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Transport minister decries state of SA's roads

Staff Reporter

Poorly maintained roads increased the risk of accidents, Transport Minister Sbu Ndebele said on Thursday.

Poorly maintained roads increased the risk of accidents, Transport Minister Sbu Ndebele said on Thursday during the launch of the Eastern Cape roads indaba (conference).

“South Africa has a poor road safety record by world standards. A poorly maintained road substantially increases the risk of road crashes,” said Ndebele in a speech prepared for delivery at the conference in East London.

Roads were unable to cope with the demand and were failing through lack of maintenance.

“The Eastern Cape was not an exception, and was also affected by issues of road infrastructure maintenance challenges,” he said.

In 1988 only 10% of the provincial road network was classified as being in a poor condition. This figure rose to 60% in 2008.

“In 1988, 70% of the provincial road network was measured to be good. In 2008 that figure dropped to 15%.”

Ndebele said that in 2008 the president of the South African Institute of Civil Engineers warned that the lack of upgrading would lead to the collapse of existing infrastructure system, including roads.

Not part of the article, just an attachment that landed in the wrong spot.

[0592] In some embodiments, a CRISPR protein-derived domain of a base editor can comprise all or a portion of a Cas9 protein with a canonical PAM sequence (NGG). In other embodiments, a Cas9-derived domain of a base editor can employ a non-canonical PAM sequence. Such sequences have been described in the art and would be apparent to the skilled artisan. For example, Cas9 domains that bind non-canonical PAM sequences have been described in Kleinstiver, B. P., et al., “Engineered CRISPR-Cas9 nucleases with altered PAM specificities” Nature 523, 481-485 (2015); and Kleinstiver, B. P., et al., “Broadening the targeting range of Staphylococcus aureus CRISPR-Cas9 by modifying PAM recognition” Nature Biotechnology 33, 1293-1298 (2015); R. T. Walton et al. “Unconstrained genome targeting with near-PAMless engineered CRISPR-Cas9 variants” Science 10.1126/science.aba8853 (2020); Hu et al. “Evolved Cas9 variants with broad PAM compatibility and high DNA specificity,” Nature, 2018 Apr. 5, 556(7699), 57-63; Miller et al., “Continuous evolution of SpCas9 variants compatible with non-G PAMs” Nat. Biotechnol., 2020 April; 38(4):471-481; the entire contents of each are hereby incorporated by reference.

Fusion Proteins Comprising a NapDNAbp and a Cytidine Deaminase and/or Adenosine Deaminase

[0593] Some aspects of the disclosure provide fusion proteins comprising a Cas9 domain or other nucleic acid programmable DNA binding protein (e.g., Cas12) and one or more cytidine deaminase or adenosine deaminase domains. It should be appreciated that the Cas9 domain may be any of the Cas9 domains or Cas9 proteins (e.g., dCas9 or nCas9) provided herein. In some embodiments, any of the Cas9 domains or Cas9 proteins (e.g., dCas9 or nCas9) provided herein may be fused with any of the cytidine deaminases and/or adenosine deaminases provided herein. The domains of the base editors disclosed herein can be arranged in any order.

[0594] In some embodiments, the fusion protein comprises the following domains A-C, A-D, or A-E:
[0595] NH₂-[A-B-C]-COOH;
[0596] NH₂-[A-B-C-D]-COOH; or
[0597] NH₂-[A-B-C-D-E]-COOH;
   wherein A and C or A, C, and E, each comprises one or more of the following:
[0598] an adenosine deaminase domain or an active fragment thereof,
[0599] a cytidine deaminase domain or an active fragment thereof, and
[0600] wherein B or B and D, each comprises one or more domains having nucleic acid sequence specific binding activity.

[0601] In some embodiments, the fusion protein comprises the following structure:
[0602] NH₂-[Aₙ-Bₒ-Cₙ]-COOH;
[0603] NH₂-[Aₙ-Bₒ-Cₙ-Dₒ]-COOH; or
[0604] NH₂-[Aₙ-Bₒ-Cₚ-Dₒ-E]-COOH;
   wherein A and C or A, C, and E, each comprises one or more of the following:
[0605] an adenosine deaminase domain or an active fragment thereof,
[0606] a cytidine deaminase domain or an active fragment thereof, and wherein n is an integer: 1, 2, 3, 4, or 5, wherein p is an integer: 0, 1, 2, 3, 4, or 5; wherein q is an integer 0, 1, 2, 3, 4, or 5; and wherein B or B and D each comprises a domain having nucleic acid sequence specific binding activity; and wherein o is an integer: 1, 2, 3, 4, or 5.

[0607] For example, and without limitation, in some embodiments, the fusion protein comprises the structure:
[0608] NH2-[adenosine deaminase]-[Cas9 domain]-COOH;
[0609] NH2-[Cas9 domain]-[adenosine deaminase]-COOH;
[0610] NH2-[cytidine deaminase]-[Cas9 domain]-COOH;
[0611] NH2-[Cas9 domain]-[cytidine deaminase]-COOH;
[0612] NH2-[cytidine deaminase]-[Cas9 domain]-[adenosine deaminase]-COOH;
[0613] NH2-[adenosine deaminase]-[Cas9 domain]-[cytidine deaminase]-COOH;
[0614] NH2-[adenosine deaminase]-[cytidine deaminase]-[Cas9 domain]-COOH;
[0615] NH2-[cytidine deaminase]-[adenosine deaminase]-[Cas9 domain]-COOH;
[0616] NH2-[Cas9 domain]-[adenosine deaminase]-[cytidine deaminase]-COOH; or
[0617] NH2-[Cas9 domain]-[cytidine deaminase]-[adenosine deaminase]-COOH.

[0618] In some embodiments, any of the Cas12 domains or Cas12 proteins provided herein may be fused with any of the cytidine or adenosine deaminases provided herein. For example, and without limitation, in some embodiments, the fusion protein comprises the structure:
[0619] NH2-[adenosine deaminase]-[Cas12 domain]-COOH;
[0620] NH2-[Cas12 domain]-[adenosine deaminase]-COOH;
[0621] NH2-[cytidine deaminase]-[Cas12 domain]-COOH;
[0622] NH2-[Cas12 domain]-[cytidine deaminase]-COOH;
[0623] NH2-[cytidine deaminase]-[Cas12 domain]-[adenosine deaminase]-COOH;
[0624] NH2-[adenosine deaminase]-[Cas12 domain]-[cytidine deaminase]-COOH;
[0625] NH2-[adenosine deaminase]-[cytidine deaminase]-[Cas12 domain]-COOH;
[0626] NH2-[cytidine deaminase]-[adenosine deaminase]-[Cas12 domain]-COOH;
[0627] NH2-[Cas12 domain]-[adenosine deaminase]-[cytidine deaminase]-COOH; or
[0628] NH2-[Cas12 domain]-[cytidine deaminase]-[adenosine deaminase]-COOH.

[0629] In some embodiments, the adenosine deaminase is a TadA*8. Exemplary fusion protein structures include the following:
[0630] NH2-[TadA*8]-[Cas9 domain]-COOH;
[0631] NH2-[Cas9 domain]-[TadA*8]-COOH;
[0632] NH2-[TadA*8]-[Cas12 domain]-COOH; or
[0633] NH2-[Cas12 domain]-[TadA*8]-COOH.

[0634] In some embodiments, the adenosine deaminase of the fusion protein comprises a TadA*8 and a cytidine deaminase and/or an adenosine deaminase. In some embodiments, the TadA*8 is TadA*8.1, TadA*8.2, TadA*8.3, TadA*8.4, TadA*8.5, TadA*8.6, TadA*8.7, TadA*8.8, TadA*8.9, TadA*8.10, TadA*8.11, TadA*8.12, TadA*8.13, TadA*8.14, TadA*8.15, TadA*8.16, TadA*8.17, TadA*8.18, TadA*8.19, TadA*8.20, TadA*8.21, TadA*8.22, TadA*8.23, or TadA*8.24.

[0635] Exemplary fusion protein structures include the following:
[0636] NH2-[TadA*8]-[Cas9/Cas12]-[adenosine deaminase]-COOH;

“The extent of low or non-existent staff such as civil engineers or civil engineering technicians at government level was cause for concern. We need a good asset management system because that is what informs where and what investments to make on our roads infrastructure.”

Provincial treasuries needed to earmark funds for asset management preservation in the country to deal with road maintenance.

The Road Infrastructure Strategic Framework for South Africa (Rifsa) said provincial authorities had a large number of unskilled and inefficient staff structures and a lack of professional technical and managerial skills.

“According to the Rifsa document, professional posts were filled by persons without adequate roads experience and who are not registered professional engineers or technologists.”

Remedial action
The lack of strategic direction, decision making and development in transport infrastructure was costing the country billions of rand a year.

Ndebele said in order to manage the road network properly, South African roads needed enough technical professionals, strong leadership, the ability to make timely and wise decisions, and the ability to implement projects.

“The biggest challenge with roads is that by the time a problem is visible on the road surfaces, it means we are somewhat late with remedial action.

“On the other hand, the road might be deteriorating without showing on the surface. We often do not intervene.

“We intervene when it is too expensive to do so. This is often prompted by the outcry about potholes as we have recently witnessed,” said Ndebele. - Sapa

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